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Cover image for Fuzzy mud
Fuzzy mud




New York : Delacorte Press, [2015]
Physical Description:
181 pages : map ; 22 cm
General Note:
"A Junior Library Guild selection"--Jacket flap.
"Two middle-grade kids take a shortcut home from school and discover what looks like fuzzy mud but is actually a substance with the potential to wreak havoc on the entire world"-- Provided by publisher.
Program Information:
Accelerated Reader 4.2.

Reading Counts! 3.7.

Accelerated Reader AR MG 5.0 5.0 175506.

6-8 10.0 Reading Counts RC 4.3 66649.


Call Number

On Order



From the author of the acclaimed bestseller Holes, winner of the Newbery Award and the National Book Award, comes Fuzzy Mud, a New York Times bestseller. 

"Sachar blends elements of mystery, suspense, and school-day life into a taut environmental cautionary tale."-- Publishers Weekly
Be careful. Your next step may be your last.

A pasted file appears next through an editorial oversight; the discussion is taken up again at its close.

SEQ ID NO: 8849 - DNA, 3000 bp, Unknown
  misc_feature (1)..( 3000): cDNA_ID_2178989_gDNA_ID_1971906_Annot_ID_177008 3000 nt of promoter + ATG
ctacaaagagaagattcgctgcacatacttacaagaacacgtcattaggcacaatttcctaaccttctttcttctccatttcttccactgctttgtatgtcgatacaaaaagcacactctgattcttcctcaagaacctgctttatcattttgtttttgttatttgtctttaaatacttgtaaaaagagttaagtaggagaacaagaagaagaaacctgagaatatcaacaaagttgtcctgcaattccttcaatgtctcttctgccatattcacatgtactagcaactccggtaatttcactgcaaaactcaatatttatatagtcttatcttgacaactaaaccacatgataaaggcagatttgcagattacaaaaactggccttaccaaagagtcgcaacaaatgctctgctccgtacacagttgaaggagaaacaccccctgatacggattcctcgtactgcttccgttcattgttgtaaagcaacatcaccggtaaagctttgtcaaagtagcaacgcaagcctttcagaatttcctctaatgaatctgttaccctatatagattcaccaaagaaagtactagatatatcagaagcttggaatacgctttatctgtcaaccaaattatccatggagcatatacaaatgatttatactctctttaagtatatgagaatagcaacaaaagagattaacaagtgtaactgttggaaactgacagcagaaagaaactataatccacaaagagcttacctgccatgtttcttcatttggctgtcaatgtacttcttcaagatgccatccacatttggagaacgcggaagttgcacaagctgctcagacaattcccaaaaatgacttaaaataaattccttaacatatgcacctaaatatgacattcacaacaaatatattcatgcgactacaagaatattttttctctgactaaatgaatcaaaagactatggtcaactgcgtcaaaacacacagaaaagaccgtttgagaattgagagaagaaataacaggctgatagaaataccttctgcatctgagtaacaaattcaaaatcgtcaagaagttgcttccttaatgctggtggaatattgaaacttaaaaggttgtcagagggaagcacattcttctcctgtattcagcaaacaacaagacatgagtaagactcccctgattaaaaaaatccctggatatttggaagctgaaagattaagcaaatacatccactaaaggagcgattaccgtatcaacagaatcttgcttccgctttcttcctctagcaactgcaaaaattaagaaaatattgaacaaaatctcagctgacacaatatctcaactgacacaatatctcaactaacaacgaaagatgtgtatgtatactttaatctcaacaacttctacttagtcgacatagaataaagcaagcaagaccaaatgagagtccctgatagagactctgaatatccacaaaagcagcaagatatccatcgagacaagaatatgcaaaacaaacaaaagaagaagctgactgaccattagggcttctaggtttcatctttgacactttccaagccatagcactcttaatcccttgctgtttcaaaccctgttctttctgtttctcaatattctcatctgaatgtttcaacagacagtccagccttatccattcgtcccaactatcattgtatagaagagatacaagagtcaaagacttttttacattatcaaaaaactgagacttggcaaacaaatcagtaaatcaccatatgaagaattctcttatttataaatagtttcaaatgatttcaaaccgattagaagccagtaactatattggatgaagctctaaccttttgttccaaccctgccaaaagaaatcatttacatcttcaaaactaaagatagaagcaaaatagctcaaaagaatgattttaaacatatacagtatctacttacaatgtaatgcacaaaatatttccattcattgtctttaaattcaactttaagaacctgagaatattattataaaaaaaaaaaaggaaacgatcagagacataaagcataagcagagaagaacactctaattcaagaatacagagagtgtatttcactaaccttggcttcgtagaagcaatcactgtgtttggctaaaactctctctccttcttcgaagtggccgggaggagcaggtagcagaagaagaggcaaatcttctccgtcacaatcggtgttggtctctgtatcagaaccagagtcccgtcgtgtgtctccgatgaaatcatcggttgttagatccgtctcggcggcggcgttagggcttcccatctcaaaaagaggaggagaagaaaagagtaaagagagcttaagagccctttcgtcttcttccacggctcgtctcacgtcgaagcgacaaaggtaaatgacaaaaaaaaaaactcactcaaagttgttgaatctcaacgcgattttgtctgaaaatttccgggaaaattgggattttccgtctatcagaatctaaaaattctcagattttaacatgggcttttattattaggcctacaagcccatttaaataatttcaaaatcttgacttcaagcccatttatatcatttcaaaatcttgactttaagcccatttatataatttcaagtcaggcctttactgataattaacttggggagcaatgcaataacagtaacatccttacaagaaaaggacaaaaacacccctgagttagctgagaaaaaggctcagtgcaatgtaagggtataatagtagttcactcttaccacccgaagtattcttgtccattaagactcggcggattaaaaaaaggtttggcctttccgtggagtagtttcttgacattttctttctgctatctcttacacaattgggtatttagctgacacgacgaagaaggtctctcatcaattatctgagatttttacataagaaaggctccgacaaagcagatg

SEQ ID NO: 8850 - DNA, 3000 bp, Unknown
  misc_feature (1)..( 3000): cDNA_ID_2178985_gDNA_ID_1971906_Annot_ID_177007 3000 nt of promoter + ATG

Fifth grader Tamaya Dhilwaddi and seventh grader Marshall Walsh have been walking to and from Woodridge Academy together since elementary school. But their routine is disrupted when bully Chad Hilligas challenges Marshall to a fight. To avoid the conflict, Marshall takes a shortcut home through the off-limits woods. Tamaya, unaware of the reason for the detour, reluctantly follows. They soon get lost. And then they find trouble. Bigger trouble than anyone could ever have imagined.
In the days and weeks that follow, the authorities and the U.S. Senate become involved, and what they uncover might affect the future of the world.

Author Notes

Louis Sachar was born in East Meadow, New York on March 20, 1954. He attended the University of California, at Berkeley. During his senior year, he helped out at Hillside Elementary School. It was his experience there that led to his first book, Sideways Stories from Wayside School, written in 1976. After college, he worked for a while in a sweater warehouse in Norwalk, Connecticut before attending Hastings College of the Law in San Francisco, where he graduated in 1980. Sideways Stories from Wayside School was accepted for publication during his first week of law school. He worked part-time as a lawyer for eight years before becoming a full-time writer in 1989. His other works include There's a Boy in the Girls' Bathroom, the Marvin Redpost books, Fuzzy Mud, and Holes, which won the 1999 Newbery Medal, the National Book Award, and the Boston Globe-Horn Book Award and was made into a major motion picture.

(Bowker Author Biography)

Reviews 6

School Library Journal Review